Enigmatic and deliberate Tinker Tailor Soldier Spy makes no reservations while unraveling its heady spy story for better or worse. The film based on the bestselling novel by John Le Carre is purposefully perplexing effectively mirroring the central character George Smiley's (Gary Oldman) own mind-bending investigation of the British MI6's mole problem. But the slow burn pacing clinical shooting style and air of intrigue only go so far—Tinker Tailor Soldier Spy sports an incredible cast that can't dramatically translate the movie's impenetrable narrative. Almost from the get go the movie collapses under its own weight.
After a botched mission in Hungary that saw his colleague Jim (Mark Strong) gunned down in the streets Smiley and his boss Control (John Hurt) are released from the "Circus" (codename for England's Secret Intelligence Service). But soon after Smiley is brought back on board as an impartial observer tasked to uncover the possible infiltration of the organization. The former agent already dealing with the crippling of his own marriage attempts to sift through the history and current goings on of the Circus narrowing his hunt down to four colleagues: Percy aka "Tinker" (Toby Jones) Bill aka "Tailor" (Colin Firth) Roy aka "Soldier" (Ciaran Hinds) and Toy aka "Poor Man" (David Dencik). Working with Peter (Benedict Cumberbatch) a conflicted younger member of the service and Ricki (Tom Hardy) a rogue agent who has information of his own Smiley slowly uncovers the muddled truth—occasionally breaking in to his own work place and crossing his own friends to do so.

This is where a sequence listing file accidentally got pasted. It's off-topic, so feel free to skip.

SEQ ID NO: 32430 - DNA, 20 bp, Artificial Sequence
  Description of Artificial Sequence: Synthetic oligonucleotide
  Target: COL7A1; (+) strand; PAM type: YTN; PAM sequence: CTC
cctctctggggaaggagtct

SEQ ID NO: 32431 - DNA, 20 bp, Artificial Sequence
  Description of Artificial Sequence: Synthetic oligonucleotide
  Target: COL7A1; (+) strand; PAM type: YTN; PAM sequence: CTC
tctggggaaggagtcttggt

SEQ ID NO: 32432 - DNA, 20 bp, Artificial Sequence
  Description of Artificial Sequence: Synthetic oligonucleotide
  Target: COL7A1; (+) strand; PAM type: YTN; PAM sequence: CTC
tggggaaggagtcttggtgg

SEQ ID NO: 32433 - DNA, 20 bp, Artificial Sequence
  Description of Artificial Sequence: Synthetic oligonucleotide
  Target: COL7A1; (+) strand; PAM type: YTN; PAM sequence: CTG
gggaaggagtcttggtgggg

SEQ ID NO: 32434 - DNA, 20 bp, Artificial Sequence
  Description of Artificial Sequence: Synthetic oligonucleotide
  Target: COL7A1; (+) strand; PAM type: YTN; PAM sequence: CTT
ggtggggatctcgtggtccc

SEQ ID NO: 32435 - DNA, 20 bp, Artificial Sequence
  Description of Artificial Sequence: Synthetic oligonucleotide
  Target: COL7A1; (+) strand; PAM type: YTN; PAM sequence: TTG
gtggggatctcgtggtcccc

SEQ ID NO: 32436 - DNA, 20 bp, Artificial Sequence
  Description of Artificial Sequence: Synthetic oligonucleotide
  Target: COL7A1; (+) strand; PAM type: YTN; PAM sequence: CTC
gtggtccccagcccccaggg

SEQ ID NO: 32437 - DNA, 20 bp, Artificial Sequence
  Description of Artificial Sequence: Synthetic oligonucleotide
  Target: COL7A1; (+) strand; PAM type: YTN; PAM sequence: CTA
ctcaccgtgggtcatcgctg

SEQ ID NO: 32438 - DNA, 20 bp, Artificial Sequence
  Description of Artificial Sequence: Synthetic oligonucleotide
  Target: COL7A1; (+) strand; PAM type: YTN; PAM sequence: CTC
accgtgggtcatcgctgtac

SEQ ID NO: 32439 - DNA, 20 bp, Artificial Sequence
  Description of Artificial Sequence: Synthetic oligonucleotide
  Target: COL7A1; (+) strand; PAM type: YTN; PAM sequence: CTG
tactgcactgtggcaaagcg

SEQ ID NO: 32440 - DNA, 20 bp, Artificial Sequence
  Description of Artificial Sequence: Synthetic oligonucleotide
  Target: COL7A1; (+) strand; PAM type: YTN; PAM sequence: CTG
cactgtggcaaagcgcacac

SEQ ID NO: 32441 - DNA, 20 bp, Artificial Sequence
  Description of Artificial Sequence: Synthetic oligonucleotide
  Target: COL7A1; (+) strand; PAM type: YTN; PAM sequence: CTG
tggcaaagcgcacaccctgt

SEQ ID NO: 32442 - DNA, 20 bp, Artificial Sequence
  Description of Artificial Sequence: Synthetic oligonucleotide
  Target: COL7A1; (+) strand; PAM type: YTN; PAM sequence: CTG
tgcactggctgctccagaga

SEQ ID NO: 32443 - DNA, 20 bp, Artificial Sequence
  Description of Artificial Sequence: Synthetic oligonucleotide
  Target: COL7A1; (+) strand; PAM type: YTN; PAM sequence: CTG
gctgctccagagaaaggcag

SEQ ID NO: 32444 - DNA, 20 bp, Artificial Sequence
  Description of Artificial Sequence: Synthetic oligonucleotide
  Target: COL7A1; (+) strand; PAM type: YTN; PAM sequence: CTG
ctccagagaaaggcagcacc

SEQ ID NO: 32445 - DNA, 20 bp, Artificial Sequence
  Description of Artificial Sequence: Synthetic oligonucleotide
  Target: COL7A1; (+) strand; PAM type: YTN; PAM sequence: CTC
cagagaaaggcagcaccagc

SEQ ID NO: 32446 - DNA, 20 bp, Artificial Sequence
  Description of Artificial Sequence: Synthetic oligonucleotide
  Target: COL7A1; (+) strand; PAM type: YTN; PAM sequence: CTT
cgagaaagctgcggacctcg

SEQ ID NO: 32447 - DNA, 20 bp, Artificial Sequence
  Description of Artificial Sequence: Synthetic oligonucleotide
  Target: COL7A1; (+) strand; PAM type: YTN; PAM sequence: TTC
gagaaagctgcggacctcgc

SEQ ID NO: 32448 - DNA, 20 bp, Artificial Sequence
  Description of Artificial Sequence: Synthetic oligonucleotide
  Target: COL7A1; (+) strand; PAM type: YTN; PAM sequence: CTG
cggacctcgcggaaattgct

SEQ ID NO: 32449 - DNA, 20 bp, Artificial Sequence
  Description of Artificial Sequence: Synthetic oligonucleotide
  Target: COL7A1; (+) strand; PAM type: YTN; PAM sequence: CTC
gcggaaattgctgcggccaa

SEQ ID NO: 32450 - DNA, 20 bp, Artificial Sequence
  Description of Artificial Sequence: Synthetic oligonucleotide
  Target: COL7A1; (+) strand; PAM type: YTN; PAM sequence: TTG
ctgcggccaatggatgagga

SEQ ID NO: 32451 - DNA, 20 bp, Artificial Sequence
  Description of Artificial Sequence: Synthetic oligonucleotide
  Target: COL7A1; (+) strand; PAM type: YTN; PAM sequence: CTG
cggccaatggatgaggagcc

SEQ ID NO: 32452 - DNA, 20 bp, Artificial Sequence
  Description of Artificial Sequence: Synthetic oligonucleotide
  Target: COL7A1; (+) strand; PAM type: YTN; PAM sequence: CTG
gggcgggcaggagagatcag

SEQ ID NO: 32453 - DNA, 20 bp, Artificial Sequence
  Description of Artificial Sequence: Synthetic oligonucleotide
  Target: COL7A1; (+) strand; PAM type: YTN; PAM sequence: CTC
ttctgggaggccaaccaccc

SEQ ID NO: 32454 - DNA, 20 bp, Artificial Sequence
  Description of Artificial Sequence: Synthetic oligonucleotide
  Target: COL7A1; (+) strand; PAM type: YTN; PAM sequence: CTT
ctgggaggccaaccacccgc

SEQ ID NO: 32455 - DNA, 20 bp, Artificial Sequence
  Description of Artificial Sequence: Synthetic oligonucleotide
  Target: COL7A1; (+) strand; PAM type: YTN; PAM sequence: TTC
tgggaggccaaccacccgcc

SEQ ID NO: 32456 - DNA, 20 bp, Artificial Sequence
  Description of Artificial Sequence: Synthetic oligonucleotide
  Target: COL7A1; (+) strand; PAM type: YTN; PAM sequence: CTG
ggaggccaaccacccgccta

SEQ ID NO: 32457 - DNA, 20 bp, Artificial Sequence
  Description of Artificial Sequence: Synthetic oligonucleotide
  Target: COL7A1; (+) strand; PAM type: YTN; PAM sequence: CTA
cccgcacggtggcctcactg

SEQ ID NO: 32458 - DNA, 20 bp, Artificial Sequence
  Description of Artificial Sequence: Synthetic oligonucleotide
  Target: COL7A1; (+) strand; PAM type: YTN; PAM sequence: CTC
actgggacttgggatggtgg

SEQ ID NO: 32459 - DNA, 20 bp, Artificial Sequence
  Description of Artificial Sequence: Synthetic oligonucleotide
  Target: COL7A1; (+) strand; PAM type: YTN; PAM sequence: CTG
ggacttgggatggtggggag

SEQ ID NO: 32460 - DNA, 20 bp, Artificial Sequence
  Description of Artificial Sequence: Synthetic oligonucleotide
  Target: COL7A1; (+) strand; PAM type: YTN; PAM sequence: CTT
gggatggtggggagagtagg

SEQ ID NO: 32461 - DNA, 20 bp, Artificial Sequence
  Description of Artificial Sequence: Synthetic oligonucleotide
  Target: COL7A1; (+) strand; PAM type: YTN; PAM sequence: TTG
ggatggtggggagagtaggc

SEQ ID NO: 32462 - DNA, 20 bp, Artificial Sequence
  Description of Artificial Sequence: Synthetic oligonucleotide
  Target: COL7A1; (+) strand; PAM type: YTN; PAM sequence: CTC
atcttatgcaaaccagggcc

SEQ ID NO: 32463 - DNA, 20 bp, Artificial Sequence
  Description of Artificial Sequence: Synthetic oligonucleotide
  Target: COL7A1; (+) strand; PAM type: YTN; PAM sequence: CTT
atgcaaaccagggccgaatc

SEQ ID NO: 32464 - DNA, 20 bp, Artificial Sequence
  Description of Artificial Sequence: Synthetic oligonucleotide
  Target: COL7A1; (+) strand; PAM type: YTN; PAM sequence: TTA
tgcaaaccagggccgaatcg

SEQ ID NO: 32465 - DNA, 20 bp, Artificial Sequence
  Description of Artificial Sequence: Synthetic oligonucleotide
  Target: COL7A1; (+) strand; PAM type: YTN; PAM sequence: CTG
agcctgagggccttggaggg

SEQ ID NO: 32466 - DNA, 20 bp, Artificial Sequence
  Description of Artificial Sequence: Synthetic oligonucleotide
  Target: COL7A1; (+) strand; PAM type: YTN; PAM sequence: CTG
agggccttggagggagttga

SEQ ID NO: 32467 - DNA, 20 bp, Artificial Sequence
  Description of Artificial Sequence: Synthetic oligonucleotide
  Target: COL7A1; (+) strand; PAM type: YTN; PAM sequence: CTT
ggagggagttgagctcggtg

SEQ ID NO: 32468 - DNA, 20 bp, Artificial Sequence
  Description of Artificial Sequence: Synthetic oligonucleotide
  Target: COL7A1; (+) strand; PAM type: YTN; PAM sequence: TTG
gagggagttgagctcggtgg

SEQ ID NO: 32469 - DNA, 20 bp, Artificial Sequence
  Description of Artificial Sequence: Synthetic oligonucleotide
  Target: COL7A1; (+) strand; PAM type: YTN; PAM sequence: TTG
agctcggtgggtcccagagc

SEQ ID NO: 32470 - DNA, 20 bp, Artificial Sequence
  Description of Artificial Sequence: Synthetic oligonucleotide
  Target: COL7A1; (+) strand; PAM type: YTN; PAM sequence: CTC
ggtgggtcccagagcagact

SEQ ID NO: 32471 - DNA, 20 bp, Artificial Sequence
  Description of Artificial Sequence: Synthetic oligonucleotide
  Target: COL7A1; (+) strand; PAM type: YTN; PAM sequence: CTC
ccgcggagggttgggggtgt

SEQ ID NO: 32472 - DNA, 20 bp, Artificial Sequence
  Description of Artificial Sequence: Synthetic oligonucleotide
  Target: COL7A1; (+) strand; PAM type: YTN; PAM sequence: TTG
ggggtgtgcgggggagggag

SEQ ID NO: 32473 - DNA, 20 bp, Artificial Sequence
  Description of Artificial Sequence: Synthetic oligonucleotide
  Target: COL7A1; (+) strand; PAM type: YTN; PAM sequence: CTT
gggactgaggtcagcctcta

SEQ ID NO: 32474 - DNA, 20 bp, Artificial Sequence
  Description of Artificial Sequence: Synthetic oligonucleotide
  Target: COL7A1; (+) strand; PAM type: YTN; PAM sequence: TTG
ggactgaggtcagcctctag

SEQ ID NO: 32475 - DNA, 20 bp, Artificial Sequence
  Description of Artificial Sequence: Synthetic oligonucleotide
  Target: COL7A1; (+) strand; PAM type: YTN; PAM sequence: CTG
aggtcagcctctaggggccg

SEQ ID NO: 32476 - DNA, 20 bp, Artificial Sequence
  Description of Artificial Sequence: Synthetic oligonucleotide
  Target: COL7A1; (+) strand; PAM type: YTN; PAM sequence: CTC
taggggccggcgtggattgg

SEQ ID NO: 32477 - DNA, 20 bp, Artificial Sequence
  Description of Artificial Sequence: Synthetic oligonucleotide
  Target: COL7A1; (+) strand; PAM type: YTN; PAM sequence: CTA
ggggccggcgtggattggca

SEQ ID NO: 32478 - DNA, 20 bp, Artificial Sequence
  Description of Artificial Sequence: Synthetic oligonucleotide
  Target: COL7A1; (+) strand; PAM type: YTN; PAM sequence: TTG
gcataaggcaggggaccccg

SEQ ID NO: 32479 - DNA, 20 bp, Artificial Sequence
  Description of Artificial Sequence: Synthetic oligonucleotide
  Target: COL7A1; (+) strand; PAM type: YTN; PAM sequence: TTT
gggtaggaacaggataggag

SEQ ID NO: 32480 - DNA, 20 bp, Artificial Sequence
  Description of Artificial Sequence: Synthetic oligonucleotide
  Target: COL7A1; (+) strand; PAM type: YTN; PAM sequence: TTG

Describing Tinker Tailor Soldier Spy as dense doesn't seem complicated enough. The first hour of the monster mystery moves at a sloth's pace trickling out information like the tedious drips of a leaky faucet. The talent on display is undeniable but the characters Smiley included are so cold that a connection can never be made. TTSS sporadically jumps around from past to present timelines without any indication: a tactic that proves especially confusing when scenes play out in reoccurring locations. It's not until halfway through that the movie decides to kick into high gear Smiley's search for a culprit finally becoming clear enough to thrill. A film that takes its time is one thing but Tinker Tailor Soldier Spy does so without any edge or hook.
What the movie lacks in coherency it makes up for in style and thespian gravitas. Director Tomas Alfredson has assembled some of the finest British performers working today and they turn the script's inaccessible spy jargon into poetry. Firth stands out as the group's suave slimeball a departure from his usual nice guy roles. Hardy assures us he's the next big thing once again as the agency's resident moppet a lover who breaks down after a romantic fling uncovers horrifying truth. Oldman is given the most difficult task of the bunch turning the reserved contemplative Smiley into a real human. He half succeeds—his observational slant in the beginning feels like an extension of the movie's bigger problems but once gets going in the second half of the film he's quite a bit of fun.
Alfredson constructs Tinker Tailor Soldier Spy like a cinematic architect each frame dripping with perfectly kitschy '70s production design and camera angles that make the spine tingle. He creates paranoia through framing similar to the Coppola's terrifying The Conversation but unlike that film TTSS doesn't have the characters or story to match. The movie strives to withhold information and succeeds—too much so. Tinker Tailor Soldier Spy wants us to solve a mystery with George Smiley but it never clues us in to exactly why we should want to.